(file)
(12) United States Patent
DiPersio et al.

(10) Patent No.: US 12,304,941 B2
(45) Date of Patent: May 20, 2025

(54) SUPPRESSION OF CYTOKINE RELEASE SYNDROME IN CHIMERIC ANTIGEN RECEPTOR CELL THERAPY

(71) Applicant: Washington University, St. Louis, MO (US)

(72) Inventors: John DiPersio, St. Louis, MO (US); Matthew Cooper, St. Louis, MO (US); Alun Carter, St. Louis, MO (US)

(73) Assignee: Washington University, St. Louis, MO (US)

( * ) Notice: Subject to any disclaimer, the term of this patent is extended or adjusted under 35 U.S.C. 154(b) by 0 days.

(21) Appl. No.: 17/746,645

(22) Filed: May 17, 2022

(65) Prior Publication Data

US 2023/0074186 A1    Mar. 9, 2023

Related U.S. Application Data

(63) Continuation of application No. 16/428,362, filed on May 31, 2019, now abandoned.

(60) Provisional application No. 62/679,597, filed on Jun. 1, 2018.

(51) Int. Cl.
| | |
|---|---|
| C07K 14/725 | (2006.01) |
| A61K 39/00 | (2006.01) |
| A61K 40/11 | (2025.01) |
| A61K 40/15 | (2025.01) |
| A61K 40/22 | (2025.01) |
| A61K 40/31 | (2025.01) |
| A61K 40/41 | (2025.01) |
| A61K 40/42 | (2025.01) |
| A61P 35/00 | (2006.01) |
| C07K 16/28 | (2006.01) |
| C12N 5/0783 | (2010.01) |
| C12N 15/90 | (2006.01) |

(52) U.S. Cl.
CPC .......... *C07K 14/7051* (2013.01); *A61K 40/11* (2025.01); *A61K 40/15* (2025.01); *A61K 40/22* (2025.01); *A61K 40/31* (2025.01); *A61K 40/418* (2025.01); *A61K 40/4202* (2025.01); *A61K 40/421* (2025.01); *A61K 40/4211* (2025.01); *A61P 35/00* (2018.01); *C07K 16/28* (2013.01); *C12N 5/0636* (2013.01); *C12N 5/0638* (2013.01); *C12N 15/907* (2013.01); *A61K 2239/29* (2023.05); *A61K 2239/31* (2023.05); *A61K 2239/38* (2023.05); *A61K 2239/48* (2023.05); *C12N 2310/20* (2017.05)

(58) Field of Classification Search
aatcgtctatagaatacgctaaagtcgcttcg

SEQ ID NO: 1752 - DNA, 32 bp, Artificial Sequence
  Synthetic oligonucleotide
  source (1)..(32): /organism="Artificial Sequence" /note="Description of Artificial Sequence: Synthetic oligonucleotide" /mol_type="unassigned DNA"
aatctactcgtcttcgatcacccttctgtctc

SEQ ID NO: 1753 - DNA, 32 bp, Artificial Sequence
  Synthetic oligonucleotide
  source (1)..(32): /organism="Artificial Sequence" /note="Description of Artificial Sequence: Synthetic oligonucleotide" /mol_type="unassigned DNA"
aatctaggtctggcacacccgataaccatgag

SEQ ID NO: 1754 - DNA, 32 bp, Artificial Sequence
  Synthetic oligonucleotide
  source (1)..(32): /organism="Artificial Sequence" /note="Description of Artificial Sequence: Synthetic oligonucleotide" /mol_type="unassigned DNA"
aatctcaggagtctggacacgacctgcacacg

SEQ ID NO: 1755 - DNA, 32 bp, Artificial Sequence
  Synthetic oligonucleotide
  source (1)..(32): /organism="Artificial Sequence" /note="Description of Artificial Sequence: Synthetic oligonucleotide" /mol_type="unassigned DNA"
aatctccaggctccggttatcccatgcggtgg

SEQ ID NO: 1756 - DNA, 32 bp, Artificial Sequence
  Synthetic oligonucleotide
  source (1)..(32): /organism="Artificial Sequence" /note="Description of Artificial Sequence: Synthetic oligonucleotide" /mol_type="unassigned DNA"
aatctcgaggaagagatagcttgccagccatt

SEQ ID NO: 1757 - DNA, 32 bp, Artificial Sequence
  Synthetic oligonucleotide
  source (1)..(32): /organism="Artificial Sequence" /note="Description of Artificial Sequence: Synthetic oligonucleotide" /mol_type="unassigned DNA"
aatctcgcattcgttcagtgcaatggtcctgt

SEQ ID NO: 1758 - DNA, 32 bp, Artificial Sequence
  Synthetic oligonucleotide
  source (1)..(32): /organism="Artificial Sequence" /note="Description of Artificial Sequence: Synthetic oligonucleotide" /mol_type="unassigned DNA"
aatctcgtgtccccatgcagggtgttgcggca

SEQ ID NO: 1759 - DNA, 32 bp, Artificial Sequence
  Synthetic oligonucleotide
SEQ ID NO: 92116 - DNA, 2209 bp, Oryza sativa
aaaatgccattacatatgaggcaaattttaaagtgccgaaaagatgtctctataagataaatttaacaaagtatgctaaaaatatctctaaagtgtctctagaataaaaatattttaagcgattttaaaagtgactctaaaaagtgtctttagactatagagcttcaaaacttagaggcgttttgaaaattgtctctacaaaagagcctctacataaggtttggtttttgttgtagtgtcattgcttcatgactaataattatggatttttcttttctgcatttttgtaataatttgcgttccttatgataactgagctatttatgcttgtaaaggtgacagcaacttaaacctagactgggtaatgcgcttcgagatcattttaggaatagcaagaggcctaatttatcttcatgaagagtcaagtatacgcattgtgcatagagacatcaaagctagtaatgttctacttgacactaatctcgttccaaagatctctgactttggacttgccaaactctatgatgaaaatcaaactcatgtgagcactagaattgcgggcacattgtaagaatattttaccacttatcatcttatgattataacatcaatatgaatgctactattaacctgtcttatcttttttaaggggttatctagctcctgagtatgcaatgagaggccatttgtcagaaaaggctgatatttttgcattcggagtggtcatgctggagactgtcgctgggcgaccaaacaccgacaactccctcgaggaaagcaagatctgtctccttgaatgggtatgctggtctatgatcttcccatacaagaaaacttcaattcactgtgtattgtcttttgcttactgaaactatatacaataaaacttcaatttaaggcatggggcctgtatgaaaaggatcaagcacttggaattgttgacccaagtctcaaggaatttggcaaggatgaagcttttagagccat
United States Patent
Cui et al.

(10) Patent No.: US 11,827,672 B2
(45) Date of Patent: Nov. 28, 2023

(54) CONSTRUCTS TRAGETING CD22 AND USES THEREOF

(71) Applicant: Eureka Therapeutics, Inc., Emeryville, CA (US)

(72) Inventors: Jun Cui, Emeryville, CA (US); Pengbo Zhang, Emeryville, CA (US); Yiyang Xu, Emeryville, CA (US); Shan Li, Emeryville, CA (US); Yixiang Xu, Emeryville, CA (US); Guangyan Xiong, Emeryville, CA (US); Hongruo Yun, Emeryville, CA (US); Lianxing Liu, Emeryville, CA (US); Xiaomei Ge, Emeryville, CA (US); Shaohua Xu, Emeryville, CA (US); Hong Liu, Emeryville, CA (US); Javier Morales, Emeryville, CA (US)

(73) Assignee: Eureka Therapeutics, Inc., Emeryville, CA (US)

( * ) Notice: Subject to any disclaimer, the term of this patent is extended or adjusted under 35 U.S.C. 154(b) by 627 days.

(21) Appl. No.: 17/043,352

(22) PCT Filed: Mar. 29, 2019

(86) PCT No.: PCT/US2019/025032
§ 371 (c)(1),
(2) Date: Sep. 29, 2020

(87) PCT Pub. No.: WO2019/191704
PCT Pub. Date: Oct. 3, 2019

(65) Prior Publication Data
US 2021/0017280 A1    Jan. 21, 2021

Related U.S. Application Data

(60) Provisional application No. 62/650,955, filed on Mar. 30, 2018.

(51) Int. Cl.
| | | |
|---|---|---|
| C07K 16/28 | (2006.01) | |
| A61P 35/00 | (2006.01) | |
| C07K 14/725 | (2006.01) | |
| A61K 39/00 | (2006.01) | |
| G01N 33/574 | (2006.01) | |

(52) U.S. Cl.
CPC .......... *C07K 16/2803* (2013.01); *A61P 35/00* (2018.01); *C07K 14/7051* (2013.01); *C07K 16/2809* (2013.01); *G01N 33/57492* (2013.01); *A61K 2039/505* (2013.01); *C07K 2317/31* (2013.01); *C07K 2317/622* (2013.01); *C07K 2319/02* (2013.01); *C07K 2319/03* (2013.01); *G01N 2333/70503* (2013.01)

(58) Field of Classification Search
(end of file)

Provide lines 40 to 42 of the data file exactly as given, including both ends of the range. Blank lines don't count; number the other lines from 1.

SEQ ID NO: 1753 - DNA, 32 bp, Artificial Sequence
  Synthetic oligonucleotide
  source (1)..(32): /organism="Artificial Sequence" /note="Description of Artificial Sequence: Synthetic oligonucleotide" /mol_type="unassigned DNA"